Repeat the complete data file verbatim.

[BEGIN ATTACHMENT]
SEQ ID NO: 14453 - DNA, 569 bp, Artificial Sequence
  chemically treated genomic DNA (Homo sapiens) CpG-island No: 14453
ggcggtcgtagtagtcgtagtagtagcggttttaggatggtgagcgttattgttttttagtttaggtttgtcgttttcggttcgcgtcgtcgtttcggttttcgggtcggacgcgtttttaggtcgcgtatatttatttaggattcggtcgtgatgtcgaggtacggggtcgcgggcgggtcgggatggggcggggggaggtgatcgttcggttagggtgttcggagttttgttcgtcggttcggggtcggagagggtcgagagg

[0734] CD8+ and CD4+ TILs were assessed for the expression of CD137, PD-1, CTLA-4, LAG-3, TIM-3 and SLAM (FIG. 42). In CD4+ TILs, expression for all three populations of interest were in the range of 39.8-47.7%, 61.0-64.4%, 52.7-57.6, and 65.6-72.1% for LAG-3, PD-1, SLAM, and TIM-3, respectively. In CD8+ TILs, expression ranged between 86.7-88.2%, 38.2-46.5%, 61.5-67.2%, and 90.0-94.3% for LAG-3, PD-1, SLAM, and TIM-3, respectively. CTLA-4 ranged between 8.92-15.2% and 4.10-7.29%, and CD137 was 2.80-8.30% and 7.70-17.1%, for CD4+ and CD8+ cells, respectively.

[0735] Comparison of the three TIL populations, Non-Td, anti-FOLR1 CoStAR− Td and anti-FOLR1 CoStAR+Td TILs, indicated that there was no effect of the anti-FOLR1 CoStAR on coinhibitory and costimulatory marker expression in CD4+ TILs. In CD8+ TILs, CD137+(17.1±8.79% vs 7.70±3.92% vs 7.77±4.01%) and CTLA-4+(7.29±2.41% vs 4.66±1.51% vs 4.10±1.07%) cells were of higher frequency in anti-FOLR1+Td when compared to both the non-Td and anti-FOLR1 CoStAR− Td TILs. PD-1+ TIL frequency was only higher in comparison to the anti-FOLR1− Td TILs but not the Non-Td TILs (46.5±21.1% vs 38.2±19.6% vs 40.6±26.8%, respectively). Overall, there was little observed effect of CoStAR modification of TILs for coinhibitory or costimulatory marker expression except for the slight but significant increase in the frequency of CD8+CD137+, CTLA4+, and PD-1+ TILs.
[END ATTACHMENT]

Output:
SEQ ID NO: 14453 - DNA, 569 bp, Artificial Sequence
  chemically treated genomic DNA (Homo sapiens) CpG-island No: 14453
ggcggtcgtagtagtcgtagtagtagcggttttaggatggtgagcgttattgttttttagtttaggtttgtcgttttcggttcgcgtcgtcgtttcggttttcgggtcggacgcgtttttaggtcgcgtatatttatttaggattcggtcgtgatgtcgaggtacggggtcgcgggcgggtcgggatggggcggggggaggtgatcgttcggttagggtgttcggagttttgttcgtcggttcggggtcggagagggtcgagagg

[0734] CD8+ and CD4+ TILs were assessed for the expression of CD137, PD-1, CTLA-4, LAG-3, TIM-3 and SLAM (FIG. 42). In CD4+ TILs, expression for all three populations of interest were in the range of 39.8-47.7%, 61.0-64.4%, 52.7-57.6, and 65.6-72.1% for LAG-3, PD-1, SLAM, and TIM-3, respectively. In CD8+ TILs, expression ranged between 86.7-88.2%, 38.2-46.5%, 61.5-67.2%, and 90.0-94.3% for LAG-3, PD-1, SLAM, and TIM-3, respectively. CTLA-4 ranged between 8.92-15.2% and 4.10-7.29%, and CD137 was 2.80-8.30% and 7.70-17.1%, for CD4+ and CD8+ cells, respectively.

[0735] Comparison of the three TIL populations, Non-Td, anti-FOLR1 CoStAR− Td and anti-FOLR1 CoStAR+Td TILs, indicated that there was no effect of the anti-FOLR1 CoStAR on coinhibitory and costimulatory marker expression in CD4+ TILs. In CD8+ TILs, CD137+(17.1±8.79% vs 7.70±3.92% vs 7.77±4.01%) and CTLA-4+(7.29±2.41% vs 4.66±1.51% vs 4.10±1.07%) cells were of higher frequency in anti-FOLR1+Td when compared to both the non-Td and anti-FOLR1 CoStAR− Td TILs. PD-1+ TIL frequency was only higher in comparison to the anti-FOLR1− Td TILs but not the Non-Td TILs (46.5±21.1% vs 38.2±19.6% vs 40.6±26.8%, respectively). Overall, there was little observed effect of CoStAR modification of TILs for coinhibitory or costimulatory marker expression except for the slight but significant increase in the frequency of CD8+CD137+, CTLA4+, and PD-1+ TILs.